Current Liblicense Archive - Re: Is Green Open Access in the process of fading away?

List archives since November 2011, after the list migrated to the Center for Research Libraries.


View:

Message:

[

First

|

Previous

|

Next

|

Last

]

By Topic:

[

First

|

Previous

|

Next

|

Last

]

By Author:

[

First

|

Previous

|

Next

|

Last

]

Font:

Proportional Font

LIBLICENSE-L Home

LIBLICENSE-L Home

LIBLICENSE-L  June 2013

LIBLICENSE-L June 2013

Subject:

Re: Is Green Open Access in the process of fading away?

From:

LIBLICENSE <[log in to unmask]>

Reply-To:

LibLicense-L Discussion Forum <[log in to unmask]>

Date:

Tue, 18 Jun 2013 18:33:28 -0400

Content-Type:

text/plain

Parts/Attachments:

Parts/Attachments

text/plain (91 lines)

From: Stevan Harnad <[log in to unmask]>
Date: Tue, 18 Jun 2013 08:00:48 -0400

Both the perverse effects of the UK's Finch/RCUK policy and their
antidote are as simple to describe and understand as they were to
predict:

The Perverse Effects of the Finch/RCUK Policy: Besides being eager to
cash in on the double-paid (subscription fees + Gold OA fees),
double-dipped over-priced hybrid Gold bonanza that Finch/RCUK has
foolishly dangled before their eyes, publishers like Emerald are also
trying to hedge their bets and clinch the deal by adopting or
extending Green OA embargoes to try to force authors to pick and pay
for the hybrid Gold option instead of picking cost-free Green.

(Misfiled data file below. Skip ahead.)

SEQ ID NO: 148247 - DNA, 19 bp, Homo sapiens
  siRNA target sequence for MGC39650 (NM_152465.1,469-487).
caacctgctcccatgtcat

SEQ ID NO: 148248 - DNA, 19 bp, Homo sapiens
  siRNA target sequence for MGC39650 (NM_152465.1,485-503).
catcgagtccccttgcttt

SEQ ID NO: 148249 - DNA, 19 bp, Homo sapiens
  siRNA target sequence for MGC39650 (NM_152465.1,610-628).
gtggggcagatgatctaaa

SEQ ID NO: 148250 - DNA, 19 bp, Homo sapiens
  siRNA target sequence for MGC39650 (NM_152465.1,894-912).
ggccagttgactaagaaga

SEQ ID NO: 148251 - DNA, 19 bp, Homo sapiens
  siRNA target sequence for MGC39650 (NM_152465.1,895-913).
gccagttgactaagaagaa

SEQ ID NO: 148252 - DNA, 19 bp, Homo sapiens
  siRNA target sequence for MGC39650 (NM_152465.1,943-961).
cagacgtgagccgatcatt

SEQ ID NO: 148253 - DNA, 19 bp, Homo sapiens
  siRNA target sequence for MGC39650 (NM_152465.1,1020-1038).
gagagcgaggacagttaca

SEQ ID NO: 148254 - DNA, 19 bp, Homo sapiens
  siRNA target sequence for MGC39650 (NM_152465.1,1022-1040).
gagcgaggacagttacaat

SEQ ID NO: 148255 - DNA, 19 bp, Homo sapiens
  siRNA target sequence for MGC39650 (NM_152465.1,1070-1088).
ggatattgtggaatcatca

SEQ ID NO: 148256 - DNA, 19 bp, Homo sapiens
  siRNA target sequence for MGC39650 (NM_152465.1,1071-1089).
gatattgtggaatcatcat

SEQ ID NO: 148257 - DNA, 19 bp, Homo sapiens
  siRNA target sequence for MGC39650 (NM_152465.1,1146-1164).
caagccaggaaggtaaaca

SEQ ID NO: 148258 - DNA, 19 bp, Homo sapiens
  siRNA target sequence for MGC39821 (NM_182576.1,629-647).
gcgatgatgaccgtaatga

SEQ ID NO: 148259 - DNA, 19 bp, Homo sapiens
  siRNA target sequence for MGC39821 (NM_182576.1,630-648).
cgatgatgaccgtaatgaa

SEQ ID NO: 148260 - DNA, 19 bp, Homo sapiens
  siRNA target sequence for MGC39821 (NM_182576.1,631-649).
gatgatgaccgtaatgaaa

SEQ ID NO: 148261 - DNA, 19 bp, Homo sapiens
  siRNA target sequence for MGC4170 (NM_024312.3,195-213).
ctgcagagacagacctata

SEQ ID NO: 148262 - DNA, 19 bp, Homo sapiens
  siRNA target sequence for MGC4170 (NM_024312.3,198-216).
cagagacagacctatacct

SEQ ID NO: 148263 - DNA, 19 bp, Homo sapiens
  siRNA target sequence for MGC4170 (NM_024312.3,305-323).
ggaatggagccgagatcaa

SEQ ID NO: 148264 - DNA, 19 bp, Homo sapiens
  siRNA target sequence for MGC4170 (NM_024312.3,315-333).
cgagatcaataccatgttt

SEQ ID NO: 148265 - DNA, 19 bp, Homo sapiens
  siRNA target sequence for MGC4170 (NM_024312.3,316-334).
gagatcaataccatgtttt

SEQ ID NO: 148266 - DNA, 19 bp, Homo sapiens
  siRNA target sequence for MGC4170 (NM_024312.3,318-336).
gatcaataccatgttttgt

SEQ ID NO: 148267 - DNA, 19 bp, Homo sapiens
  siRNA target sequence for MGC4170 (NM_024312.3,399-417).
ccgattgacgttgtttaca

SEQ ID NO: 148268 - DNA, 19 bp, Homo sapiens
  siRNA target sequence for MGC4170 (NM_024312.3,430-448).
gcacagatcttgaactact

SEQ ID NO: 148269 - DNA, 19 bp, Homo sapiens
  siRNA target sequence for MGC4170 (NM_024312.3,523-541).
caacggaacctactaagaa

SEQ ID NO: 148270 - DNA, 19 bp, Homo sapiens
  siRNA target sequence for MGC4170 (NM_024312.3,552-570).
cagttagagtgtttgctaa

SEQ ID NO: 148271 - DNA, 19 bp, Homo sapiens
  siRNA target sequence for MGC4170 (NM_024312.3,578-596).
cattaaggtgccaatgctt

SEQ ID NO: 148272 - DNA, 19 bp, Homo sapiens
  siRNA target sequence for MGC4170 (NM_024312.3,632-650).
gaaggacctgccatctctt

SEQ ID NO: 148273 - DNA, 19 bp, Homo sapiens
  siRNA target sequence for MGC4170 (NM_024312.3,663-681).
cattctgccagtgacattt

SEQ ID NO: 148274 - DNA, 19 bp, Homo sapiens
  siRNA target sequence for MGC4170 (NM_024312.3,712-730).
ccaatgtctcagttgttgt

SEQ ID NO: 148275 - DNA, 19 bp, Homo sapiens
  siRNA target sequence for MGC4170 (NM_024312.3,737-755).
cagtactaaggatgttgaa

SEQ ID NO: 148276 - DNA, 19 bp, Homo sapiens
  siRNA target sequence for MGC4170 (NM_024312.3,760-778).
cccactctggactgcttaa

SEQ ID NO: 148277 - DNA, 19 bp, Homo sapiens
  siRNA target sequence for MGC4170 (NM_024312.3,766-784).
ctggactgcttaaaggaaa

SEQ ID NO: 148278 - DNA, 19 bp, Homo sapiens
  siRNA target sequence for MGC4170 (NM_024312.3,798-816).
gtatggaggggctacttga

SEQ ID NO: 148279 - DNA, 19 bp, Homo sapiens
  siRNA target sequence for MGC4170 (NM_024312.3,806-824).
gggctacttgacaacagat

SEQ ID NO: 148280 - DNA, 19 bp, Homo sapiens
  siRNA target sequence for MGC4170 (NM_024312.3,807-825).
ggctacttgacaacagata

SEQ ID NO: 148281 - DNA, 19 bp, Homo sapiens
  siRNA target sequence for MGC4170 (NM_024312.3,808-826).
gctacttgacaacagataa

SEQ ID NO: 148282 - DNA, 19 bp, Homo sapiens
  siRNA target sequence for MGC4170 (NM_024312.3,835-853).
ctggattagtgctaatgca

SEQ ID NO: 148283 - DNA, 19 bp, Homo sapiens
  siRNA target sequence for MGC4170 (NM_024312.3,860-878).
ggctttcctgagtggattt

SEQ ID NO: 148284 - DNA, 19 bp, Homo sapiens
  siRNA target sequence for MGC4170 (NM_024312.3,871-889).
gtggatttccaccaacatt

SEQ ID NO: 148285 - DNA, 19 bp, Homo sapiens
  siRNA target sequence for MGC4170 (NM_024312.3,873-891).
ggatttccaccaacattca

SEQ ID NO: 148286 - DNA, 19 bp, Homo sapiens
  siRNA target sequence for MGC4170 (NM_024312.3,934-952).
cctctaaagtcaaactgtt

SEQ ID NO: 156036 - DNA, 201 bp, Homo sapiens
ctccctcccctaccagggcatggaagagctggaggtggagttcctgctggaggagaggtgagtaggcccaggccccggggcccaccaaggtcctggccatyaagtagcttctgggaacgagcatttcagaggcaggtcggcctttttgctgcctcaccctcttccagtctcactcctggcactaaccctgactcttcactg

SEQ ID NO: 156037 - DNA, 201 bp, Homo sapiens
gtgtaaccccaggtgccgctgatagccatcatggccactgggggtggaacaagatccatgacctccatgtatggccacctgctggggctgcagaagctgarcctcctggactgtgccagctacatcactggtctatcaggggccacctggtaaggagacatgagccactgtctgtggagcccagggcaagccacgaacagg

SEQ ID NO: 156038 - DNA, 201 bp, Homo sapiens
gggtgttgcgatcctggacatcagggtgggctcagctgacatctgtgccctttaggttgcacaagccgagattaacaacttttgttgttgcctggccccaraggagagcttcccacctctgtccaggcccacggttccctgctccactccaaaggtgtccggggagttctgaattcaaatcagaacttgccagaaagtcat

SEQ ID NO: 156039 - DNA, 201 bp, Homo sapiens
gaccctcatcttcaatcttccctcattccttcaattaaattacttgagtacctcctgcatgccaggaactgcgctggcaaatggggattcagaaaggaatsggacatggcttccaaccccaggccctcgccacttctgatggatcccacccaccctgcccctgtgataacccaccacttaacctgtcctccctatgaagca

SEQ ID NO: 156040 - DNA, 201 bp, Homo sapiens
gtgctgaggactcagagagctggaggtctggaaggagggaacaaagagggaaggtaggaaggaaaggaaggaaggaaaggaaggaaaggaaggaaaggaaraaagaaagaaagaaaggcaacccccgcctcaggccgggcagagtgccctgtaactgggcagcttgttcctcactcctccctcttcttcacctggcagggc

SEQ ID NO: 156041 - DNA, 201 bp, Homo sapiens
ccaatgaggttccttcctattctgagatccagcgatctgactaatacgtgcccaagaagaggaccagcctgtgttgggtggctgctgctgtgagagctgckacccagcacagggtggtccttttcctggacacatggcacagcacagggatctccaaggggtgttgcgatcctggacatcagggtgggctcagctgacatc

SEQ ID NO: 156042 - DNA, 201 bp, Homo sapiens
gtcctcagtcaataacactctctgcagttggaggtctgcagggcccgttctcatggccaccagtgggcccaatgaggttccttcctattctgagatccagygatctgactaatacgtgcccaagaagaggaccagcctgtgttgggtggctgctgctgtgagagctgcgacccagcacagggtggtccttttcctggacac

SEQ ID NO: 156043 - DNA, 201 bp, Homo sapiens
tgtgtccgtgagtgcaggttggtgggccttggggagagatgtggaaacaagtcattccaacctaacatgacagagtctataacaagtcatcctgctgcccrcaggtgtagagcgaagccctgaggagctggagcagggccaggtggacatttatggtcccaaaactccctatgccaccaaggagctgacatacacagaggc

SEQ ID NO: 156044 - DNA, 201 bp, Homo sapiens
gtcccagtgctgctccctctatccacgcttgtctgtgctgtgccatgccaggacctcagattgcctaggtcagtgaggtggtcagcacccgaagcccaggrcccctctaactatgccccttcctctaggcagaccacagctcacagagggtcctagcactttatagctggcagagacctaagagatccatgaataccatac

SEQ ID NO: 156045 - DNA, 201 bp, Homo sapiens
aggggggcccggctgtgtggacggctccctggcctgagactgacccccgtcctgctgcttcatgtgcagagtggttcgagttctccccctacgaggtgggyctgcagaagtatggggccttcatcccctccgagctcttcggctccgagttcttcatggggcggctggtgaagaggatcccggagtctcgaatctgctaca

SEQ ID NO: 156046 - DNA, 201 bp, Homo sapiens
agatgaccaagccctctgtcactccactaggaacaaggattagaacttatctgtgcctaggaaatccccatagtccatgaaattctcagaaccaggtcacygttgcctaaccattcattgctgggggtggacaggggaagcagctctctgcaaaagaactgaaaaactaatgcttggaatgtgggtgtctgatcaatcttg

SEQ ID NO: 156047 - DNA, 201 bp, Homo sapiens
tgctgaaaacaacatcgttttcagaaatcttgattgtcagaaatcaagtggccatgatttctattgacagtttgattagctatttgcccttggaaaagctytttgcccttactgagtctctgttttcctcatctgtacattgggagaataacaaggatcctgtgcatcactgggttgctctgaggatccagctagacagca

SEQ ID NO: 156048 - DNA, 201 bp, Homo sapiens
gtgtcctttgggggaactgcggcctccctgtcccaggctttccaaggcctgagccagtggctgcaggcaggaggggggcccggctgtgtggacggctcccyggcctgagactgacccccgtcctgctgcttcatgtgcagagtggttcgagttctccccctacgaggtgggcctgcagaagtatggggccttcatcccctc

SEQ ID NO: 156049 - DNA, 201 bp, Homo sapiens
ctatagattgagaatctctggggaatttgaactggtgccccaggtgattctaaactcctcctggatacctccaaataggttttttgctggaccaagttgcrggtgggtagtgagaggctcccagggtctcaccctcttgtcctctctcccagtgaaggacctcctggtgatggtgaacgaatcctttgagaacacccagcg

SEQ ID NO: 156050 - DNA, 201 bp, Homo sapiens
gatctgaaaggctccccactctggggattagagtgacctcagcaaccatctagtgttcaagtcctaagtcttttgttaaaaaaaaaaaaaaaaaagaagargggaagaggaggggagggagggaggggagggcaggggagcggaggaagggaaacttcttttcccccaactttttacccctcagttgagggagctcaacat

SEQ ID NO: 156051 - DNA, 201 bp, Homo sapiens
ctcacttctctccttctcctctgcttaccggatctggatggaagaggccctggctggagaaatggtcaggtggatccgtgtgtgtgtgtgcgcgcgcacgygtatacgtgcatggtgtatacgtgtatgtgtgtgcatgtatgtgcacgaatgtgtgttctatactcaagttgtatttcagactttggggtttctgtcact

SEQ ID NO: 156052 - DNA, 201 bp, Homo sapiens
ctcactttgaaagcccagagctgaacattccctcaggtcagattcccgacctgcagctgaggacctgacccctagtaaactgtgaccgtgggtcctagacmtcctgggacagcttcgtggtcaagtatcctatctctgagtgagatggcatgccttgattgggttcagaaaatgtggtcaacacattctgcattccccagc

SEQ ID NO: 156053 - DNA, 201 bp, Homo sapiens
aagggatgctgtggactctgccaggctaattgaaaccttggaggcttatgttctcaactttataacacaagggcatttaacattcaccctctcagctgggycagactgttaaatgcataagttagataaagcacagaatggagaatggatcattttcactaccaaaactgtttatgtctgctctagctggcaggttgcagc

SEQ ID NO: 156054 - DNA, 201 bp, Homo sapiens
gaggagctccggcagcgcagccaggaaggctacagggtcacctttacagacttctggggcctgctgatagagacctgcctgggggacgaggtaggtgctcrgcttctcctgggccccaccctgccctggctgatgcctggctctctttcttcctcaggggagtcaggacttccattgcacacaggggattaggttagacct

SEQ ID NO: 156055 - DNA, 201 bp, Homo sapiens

The Antidote to the Perverse Effects of the Finch/RCUK Policy: To
remedy this, both funders and institutions need merely (1) distinguish
deposit-date from the date that access to the deposit is made OA, (2)
mandate immediate-deposit, and (3) implement the repository's
facilitated eprint request Button to tide over user needs during any
OA embargo.

All funders and institutions can and should adopt the
immediate-deposit mandate immediately. Together with the Button it
moots embargoes (and once widely adopted, will ensure emargoes'
inevitable and deserved demise).

And as an insurance policy (and a fitting one, to counterbalance
publishers' insurance policy of prolonging Green embargoes to try to
force authors to pay for hybrid Gold) funders and institutions should
(4) designate date-stamped immediate-deposit as the sole mechanism for
submitting published papers for annual performance review (e.g., the
Liège policy) or for national research assessment (as HEFCE has
proposed for REF).

As to the page that Emerald has borrowed from Elsevier, consisting of
pseudo-legal double-talk implying that

"you may deposit immediately if you needn't, but not if you must"

That is pure FUD and can and should be completely ignored. (Any author
foolish enough to be taken in by such double-talk deserves all the
needless usage and impact losses they will get!)

Stevan Harnad


On 2013-06-17, at 8:04 PM, LIBLICENSE <[log in to unmask]> wrote:

From: Richard Poynder <[log in to unmask]>
Date: Mon, 17 Jun 2013 15:16:39 +0100

When last July Research Councils UK (RCUK) announced its new Open